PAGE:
D.he digital currency for Trumpists should be: “Magacoin” is supposedly a new crypto currency analogous to Bitcoin – only that its only purpose is Donald Trump and his favorites in the next year’s congressional elections. “Maga” stands for “Make America Great Again”, Trump’s campaign slogan. A total of 75 million “Magacoin” are said to have been produced. Cryptocurrencies are created through a process known as “mining”, in which computers perform cryptographic tasks. Their value arises from the exchange rate to the conventional monetary currency. The first cryptocurrency was Bitcoin. A Bitcoin is currently worth around 28,800 euros.
“Magacoin” is not yet listed on any of the tracking platforms for crypto currencies and is not an officially traded crypto currency – an “Initial Coin Offering” (ICO) has not been announced. Therefore, it can ultimately also be a publicity stunt in which donors receive a certificate from “Magacoins”, but no real cryptocurrency is traded. One thing is certain: “Magacoin” is supposed to help win election campaigns. And the idea of their own currency feeds the hope for Trump enthusiasts that they could, as it were, make themselves independent of everything that happens outside of their own political bubble.
The majority is said to have received coins for free
Donald Trump had already talked about building his own social network months ago after he was banned from Twitter and other platforms. The attempt called Gettr failed miserably. It is unknown whether Trump supports the pseudo currency. He recently described Bitcoin as a possible “fraud”. On the “Magacoin” website it is said that the supposed crypto currency was launched out of “frustration” over the 2020 election result. In the meantime, 75 million coins have been produced, because this number represents the “75 million voters who were disenfranchised on November 3, 2020”. The right-wing website “Big League Politics” described “Magacoin” as a payment option with which one could support Trump-loyal companies and politicians “without using a financial instrument from which the globalists profit”.
More than a thousand Trump supporters, including politicians and media representatives, are said to have already ordered “Magacoin”. And it didn’t take long before the alleged new crypto currency was already having problems. The addresses and personal information of hundreds of prospective customers were leaked through a data breach. As the newspaper “The Guardian” reported, the “Magacoin” website was hacked. The leak shows that the majority of the “Magacoins” are said to have gone to Marc Zelinka, a political advisor and Trump loyalist who describes himself as the inventor of the fan currency. Well-known right-wing personalities, such as radio talkers, are said to have received thousands of free coins, according to media reports. Those who register for “Magacoin” currently get 100 coins for free – according to the “hacktivist”, who shared his information with the “Guardian”, the majority of customers should only have these hundred coins at their disposal, ie have not paid anything.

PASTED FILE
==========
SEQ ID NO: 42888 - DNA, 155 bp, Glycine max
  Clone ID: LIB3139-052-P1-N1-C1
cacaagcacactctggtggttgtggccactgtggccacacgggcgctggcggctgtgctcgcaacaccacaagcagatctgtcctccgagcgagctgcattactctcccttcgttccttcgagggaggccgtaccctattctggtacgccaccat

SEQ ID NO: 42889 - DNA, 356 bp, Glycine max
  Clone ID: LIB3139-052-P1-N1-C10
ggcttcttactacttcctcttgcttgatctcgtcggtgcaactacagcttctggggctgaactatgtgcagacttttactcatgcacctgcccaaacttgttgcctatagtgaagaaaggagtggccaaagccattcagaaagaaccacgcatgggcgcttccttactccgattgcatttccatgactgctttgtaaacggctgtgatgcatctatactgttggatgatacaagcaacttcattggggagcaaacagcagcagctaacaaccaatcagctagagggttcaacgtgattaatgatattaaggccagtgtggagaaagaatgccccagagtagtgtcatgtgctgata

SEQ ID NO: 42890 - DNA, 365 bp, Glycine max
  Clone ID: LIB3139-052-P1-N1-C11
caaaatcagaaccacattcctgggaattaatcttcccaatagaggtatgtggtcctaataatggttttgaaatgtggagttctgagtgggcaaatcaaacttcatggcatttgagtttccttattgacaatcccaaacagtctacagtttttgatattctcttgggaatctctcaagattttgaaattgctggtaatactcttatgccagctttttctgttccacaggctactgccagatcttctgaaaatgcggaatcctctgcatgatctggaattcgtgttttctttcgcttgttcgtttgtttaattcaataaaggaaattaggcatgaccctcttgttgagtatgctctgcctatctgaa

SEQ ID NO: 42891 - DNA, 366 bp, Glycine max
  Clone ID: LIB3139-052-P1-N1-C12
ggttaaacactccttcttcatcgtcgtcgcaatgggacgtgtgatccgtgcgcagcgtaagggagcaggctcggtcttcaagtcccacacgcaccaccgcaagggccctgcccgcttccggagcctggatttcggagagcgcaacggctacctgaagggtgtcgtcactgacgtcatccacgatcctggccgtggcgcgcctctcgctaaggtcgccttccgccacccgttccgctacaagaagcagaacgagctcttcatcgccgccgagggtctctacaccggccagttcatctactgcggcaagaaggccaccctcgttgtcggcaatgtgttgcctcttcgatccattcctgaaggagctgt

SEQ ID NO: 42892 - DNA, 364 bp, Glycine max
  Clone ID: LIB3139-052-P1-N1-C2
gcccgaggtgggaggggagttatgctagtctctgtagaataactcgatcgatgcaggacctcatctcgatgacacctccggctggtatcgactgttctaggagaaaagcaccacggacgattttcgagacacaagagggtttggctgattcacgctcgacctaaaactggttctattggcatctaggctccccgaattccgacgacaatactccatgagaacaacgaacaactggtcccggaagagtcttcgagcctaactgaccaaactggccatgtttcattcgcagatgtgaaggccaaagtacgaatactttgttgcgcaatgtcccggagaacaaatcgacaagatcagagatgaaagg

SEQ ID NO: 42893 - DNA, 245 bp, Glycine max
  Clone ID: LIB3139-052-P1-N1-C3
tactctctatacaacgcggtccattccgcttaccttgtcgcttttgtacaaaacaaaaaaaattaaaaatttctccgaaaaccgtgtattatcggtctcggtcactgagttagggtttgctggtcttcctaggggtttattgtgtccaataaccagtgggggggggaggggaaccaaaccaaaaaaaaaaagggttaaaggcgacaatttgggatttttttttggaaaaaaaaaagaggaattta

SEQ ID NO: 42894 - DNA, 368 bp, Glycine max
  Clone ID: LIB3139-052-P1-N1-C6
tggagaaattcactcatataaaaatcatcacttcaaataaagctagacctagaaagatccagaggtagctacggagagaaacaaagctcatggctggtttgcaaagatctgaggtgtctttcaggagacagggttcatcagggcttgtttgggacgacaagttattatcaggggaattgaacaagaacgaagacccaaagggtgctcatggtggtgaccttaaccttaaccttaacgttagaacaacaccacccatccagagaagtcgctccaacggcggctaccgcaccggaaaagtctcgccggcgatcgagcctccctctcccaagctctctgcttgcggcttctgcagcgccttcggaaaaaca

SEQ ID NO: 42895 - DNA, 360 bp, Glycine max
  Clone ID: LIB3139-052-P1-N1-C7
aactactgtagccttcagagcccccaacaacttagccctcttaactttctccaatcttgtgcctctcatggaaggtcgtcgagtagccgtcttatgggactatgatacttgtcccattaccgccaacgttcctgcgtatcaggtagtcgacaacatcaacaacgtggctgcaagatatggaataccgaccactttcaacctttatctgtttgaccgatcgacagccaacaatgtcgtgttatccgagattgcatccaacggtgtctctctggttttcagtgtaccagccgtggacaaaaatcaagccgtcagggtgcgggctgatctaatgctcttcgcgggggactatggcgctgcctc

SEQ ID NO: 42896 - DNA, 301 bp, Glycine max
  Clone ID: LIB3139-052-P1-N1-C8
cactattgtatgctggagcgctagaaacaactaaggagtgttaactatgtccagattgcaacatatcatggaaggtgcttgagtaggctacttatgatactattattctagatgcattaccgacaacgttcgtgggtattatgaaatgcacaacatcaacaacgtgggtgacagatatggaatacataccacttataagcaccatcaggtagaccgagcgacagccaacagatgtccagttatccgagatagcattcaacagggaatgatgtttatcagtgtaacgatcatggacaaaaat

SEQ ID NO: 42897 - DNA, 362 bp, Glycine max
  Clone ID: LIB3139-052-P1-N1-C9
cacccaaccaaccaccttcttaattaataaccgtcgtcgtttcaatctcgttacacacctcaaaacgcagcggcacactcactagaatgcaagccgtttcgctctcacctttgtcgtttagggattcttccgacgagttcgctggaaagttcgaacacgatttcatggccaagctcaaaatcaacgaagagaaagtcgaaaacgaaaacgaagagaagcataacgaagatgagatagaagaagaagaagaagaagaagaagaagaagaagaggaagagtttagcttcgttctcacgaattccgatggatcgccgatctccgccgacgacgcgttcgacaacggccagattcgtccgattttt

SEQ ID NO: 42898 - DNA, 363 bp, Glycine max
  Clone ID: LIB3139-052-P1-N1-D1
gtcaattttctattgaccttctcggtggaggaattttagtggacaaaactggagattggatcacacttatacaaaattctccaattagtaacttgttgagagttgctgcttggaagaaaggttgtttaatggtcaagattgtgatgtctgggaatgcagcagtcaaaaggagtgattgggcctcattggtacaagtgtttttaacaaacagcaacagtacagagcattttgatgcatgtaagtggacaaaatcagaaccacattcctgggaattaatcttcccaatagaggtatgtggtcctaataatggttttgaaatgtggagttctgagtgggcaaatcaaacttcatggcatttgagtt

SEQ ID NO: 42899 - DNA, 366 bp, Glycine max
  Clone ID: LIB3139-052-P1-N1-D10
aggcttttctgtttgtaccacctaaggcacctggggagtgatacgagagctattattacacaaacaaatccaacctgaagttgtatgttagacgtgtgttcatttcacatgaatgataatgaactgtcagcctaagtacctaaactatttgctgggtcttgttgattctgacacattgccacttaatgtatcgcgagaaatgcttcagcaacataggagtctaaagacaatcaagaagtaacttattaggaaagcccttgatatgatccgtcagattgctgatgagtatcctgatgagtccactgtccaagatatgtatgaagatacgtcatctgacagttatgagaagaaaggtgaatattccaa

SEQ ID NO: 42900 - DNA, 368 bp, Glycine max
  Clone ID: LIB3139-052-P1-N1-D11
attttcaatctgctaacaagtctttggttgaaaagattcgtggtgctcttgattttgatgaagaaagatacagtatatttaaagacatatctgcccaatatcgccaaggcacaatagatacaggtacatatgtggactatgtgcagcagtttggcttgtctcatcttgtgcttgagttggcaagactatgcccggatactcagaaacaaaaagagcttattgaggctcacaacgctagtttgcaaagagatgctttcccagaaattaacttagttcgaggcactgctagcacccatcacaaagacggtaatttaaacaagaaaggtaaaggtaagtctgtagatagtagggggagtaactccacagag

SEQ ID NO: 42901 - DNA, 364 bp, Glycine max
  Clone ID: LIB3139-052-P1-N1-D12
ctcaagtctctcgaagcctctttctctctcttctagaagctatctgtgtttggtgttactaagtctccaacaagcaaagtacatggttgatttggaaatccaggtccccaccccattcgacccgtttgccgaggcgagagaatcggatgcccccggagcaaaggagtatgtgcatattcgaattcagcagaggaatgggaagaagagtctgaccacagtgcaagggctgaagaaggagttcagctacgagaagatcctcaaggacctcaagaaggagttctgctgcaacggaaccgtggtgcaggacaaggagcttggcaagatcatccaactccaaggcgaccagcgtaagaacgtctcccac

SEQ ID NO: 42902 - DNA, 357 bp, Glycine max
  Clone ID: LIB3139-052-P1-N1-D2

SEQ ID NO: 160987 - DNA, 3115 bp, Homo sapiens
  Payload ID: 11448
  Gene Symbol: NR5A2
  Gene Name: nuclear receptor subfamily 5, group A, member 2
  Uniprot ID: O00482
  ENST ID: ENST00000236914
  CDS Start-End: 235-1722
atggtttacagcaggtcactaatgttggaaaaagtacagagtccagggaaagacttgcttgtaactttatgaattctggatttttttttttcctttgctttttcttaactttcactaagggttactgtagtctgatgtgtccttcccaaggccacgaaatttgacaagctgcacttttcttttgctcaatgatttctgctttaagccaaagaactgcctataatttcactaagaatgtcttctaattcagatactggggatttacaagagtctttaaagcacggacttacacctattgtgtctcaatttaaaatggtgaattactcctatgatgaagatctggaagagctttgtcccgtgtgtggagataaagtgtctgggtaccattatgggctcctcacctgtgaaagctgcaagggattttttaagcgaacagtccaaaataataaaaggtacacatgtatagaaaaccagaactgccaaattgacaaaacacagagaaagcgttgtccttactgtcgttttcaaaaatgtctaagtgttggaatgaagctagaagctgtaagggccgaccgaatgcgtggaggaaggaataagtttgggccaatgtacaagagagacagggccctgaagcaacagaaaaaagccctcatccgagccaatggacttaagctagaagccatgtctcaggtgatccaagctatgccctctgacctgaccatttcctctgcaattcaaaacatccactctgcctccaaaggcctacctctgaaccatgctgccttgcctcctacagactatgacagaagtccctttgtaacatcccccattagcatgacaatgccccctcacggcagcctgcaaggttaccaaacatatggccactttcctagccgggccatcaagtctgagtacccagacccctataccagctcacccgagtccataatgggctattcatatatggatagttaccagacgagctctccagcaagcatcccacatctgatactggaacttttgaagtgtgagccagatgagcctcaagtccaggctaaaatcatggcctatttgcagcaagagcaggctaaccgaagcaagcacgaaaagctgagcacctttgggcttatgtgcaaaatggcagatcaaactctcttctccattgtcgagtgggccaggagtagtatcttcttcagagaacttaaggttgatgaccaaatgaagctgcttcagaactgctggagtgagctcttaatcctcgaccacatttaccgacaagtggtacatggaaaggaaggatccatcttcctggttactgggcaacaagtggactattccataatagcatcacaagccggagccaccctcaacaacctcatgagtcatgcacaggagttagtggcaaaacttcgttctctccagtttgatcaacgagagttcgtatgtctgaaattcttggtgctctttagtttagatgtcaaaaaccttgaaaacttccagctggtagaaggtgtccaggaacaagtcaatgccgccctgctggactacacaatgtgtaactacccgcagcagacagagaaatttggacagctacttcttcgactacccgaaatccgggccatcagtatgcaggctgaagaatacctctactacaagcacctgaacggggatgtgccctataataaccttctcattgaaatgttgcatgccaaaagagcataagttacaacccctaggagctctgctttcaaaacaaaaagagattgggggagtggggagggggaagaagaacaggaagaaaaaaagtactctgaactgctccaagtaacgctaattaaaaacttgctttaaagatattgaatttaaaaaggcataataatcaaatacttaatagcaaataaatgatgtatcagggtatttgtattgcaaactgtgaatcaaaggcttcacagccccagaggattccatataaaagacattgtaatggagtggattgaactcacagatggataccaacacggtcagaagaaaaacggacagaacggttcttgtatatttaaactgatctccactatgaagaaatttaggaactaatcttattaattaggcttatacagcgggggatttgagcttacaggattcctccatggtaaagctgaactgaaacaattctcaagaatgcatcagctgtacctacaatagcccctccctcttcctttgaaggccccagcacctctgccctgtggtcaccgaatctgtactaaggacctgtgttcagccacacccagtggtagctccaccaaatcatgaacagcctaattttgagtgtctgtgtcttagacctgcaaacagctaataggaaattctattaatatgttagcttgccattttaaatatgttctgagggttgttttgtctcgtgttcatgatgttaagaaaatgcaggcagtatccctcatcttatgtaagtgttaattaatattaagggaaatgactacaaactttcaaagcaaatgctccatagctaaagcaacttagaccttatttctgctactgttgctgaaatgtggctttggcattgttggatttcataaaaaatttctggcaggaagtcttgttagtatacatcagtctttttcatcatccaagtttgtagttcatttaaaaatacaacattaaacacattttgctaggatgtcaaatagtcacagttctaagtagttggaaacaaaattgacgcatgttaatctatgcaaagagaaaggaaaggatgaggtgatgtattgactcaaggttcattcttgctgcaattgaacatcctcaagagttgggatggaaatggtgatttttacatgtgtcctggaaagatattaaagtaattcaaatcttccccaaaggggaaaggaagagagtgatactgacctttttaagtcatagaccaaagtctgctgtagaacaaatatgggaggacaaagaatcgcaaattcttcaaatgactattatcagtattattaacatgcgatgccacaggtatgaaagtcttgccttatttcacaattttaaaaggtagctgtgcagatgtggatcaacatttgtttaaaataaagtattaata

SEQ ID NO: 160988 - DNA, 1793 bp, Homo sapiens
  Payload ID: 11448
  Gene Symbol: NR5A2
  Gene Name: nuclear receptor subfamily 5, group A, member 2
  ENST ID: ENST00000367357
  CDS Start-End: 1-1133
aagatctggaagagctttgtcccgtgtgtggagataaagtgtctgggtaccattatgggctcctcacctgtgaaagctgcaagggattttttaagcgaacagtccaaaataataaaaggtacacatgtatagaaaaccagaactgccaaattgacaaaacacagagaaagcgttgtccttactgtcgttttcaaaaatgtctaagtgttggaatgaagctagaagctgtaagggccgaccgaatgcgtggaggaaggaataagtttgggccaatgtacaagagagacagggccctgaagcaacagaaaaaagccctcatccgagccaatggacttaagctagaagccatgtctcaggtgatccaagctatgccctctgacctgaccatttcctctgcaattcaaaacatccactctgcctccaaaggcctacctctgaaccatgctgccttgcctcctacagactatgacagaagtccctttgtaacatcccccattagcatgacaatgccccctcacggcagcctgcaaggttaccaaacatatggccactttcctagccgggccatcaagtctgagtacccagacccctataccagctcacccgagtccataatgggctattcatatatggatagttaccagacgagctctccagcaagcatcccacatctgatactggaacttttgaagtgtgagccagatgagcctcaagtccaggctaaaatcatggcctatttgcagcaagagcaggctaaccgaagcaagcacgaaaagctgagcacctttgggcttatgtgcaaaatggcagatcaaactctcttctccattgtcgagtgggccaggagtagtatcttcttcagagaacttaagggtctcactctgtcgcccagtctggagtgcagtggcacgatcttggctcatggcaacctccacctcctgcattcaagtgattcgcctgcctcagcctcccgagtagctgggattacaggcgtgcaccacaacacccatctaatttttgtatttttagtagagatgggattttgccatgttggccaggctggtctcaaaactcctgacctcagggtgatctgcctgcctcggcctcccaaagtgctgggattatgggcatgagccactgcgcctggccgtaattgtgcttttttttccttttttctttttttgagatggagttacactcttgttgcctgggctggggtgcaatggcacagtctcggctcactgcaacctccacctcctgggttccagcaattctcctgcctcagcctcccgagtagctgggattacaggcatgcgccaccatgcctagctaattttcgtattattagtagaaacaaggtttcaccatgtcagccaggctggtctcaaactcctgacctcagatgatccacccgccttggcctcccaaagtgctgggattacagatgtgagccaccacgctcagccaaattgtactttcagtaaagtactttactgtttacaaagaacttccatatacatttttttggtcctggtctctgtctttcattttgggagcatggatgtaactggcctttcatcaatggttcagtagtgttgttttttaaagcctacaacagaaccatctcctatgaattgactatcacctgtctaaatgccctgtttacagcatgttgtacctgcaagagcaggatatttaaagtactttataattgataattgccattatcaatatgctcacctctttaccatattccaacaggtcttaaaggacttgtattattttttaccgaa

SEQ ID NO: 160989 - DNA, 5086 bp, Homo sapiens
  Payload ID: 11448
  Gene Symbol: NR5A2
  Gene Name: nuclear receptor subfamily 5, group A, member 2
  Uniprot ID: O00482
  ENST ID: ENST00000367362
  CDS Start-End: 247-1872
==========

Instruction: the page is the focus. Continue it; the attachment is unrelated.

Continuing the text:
Trump opponents have fun
Whether real cryptocurrency or election campaign gimmick: The purpose of the “Magacoins” is to finance the campaign. Reilly O’Neal, a Trump enthusiast and political advisor, called several “Political Action Committees” (PAC) into being, which he wants to fund with “Magacoin”. O’Neal’s “Tidewater Strategies” company has already supported Republican candidates who supported Trump in previous election campaigns – he was also involved in former Judge Roy Moore’s failed Senate campaign for the 2017 by-election in Alabama. The PACs are supposed to support Trump-loyal candidates in the upcoming congressional elections next year.
A total of 12 million “Magacoin” are now said to have flowed into the “Magacoin Victory Fund” alone – how much that would be in dollars is unclear. It remains to be seen whether the value of the “coins” can be increased dramatically in a similar way to that of a Bitcoin. Until then, Trump opponents on the Internet have a lot of fun with the idea. “Does anyone know if you can pay legal fees and fines for tax evasion and intrusion into federal property in Magacoin?” Asked a Reddit user.